Or better yet, where are the rich Christians with a positive Biblical perspective?

I was reading through one of Matthew Paul Turner’s recent posts while sitting at the airport today, and found myself not only agreeing with him, but citing numerous occasions of my own where wealthy Christians in places of authority had hijacked legitimate ministry endeavors, in effect terminating them by withdrawing their “support.” Ever had any of those?

So how does it happen?

Easy. Their minority view about an extreme Biblical perspective held greater sway because of their money than the majority view who lacked money.

Granted, I’ve also had wealthy people generously give toward endeavors that we couldn’t have done without them. But those occurrences are far fewer. And that’s kinda’ my point.

From time to time people ask me why I’m involved in so many activities, many of which are purely to make money. And I make no apologies for that. The answer is simple:

I want to support a majority with my money, and build the Kingdom.

It seems complainers get all the attention. The grumblers. The whiners. They berate pastors, harm relationships, discourage participation, and betray alliances. They also tend not to be givers, even if they’re rich. And if they are, their funds come with a lot of “contingencies.”

From the beginning, Jennifer and I decided that we would be givers. That we would always give more of our time, talent, and treasure than we took in. Because we believe that was Jesus’ prolific example. That, and we wanted to give in order to empower a majority with our wealth, not disempower them on account of our random opinions. It’s also interesting how often Jesus talks about money, and how he directly compares faithfulness with it (and it’s increase) to the abilities to steward entire cities.

How you use your money now is exactly how you’ll use your money should you become rich. And God basis much of his plans to prosper you on what you’re complaining about. Or on what you’re not.



Kirk Gilchrist · 16 Feb ’11 at 5:22 pm

Great post!

reenie · 16 Feb ’11 at 5:33 pm

Where your treasue is there your heart is also. Agree with you Christopher “X gets the square” ( now that dates me ;0 )

Mike Kim · 16 Feb ’11 at 5:50 pm

good stuff. very.

    Christopher Hopper · 16 Feb ’11 at 5:53 pm

    Thanks, Mike. Always appreciate your perspective.

Michelle · 16 Feb ’11 at 5:56 pm

You can’t serve both mammon, and God. Hmm. Who said that? Someone did. . .uh-huh.

I find that the hard working hand-to-mouth Christians routinely give MORE and with more joy and delight than those that are well off.

I believe that Rockefeller was right. A man doesn’t have a million dollars, a million dollars has him.

There was something about camels and rich men and gates nick named ‘eye of the needle’ and heaven too that that guy, the guy I quoted first, He said something about that.

    Christopher Hopper · 16 Feb ’11 at 6:15 pm

    All Jesus’ words, to be sure. But placed in context, we get a much better picture. When looking at wealthy men in scripture, a better definition than just “rich” would actually be “people who have open hands through which God can pour funds.” He knows he can trust them. Jesus spoke of wealthy men being used mightily in his parables, and empowered obscenely wealthy men to lead Israel in great success. It’s the ones that, as Rockefeller rightly mentioned, hold to money that have a hard time budging. Thanks for the comment as always, Michelle! You rock.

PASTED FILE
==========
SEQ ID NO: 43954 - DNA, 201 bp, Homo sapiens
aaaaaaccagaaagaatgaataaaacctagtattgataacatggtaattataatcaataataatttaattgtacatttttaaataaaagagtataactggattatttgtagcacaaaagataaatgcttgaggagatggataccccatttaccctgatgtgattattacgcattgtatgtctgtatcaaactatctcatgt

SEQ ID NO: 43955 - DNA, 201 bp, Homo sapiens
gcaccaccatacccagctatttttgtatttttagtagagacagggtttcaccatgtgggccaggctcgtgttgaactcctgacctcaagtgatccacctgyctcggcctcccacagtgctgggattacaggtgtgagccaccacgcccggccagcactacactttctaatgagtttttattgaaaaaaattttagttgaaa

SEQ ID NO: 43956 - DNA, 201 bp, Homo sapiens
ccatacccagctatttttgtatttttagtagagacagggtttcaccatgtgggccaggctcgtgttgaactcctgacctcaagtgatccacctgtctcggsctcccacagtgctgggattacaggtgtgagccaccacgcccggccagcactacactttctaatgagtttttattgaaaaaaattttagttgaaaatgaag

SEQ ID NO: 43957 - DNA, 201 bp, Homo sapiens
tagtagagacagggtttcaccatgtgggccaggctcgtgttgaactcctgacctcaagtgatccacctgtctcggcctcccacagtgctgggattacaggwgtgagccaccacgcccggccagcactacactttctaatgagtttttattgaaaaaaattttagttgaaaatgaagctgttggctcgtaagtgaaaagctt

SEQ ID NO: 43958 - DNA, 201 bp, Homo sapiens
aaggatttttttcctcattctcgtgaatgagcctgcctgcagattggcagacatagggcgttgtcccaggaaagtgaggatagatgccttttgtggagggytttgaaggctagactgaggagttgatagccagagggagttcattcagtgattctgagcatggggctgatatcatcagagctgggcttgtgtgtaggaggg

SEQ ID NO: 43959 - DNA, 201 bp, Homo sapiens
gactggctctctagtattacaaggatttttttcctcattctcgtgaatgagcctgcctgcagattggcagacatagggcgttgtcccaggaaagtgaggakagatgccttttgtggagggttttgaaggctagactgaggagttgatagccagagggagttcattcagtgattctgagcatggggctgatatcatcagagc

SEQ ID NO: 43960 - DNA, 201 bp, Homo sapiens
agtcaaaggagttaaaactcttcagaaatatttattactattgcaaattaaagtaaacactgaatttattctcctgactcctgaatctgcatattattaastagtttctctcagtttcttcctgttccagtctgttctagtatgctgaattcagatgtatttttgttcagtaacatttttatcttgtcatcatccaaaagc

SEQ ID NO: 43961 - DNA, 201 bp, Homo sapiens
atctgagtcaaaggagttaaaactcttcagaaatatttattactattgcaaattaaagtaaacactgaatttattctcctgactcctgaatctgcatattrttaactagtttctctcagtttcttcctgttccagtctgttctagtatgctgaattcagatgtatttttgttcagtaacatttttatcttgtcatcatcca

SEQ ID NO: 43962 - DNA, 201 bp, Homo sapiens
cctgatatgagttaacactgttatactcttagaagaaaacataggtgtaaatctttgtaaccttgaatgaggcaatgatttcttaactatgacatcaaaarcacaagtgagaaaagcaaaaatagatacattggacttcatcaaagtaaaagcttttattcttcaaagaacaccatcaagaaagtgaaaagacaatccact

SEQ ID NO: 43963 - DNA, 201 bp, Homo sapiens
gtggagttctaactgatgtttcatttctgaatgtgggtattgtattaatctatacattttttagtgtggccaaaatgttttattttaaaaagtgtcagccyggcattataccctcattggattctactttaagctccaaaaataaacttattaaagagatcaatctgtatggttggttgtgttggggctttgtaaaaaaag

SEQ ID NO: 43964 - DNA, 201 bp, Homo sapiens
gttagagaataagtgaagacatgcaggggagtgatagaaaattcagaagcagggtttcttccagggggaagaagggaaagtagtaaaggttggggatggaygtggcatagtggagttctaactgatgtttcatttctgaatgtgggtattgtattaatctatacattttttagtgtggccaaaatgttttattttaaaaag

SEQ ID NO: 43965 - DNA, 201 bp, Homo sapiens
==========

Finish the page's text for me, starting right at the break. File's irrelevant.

Nate Hinton · 16 Feb ’11 at 5:56 pm

Yea, come on Cris! We’re done with the poverty mentality. We are blessed abundantly. We pour out abundantly.

Kelly · 16 Feb ’11 at 6:09 pm

Wow. Incredible post…love your perspective and your heart. The Kingdom is better for it as well as all that you and Jenny inves in it!

    Christopher Hopper · 16 Feb ’11 at 6:16 pm

    Honored by your words and continued love, Kelly. Miss you everyday.

Pastor Tom · 16 Feb ’11 at 6:16 pm

Giving is a heart issue and not really a financial one. Just like in the account of the feeding of the 5000, God can take what little we have that is given cheerfully and do wonders with it. I love God’s math! He is the only One who can take five loaves of bread and two fish and create a smorgasbord; He can also take a widow’s two mites and claim it to be a fortune. Great post!

    Christopher Hopper · 16 Feb ’11 at 6:21 pm

    It’s very true! Power and influence are in the hands of the King. My prayer is he finds faithful hands among us to entrust part of the responsibility to. Thanks for adding to the conversation, Tom!

Wayne Thomas Batson · 17 Feb ’11 at 9:42 am

Well said, Christopher. This is a strong impetus for why I’d like to see Christian Patronage resurrected. There are dedicated Christian artists out there who want to affect culture but, for now, can barely make ends meet. If “rich Christians” threw their support behind these “starving artists” for Christ, imagine what could happen!

Julie · 17 Feb ’11 at 3:37 pm

“Right here waiting… to love ’em like Jesus” I am broke and poor in finances but I am fixed and wealthy on & in HIM! Pay it forward…

I loved the post Christopher. It is beautiful to see your family walk out a testimony of Life.

LOL in Christ… jams4JESUS

    Christopher Hopper · 19 Feb ’11 at 12:40 pm

    Amen, Julie! Keep up the great work! And thanks for commenting.

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Christopher Hopper » The God of Culture, Not Multiculturalism · 21 Feb ’11 at 12:55 pm

[…] a minority within a nation in order to change its identity (as explored with regard to wealth in my recent post on allowing a minority to trump a majority) is that changing a nation’s DNA is actually […]

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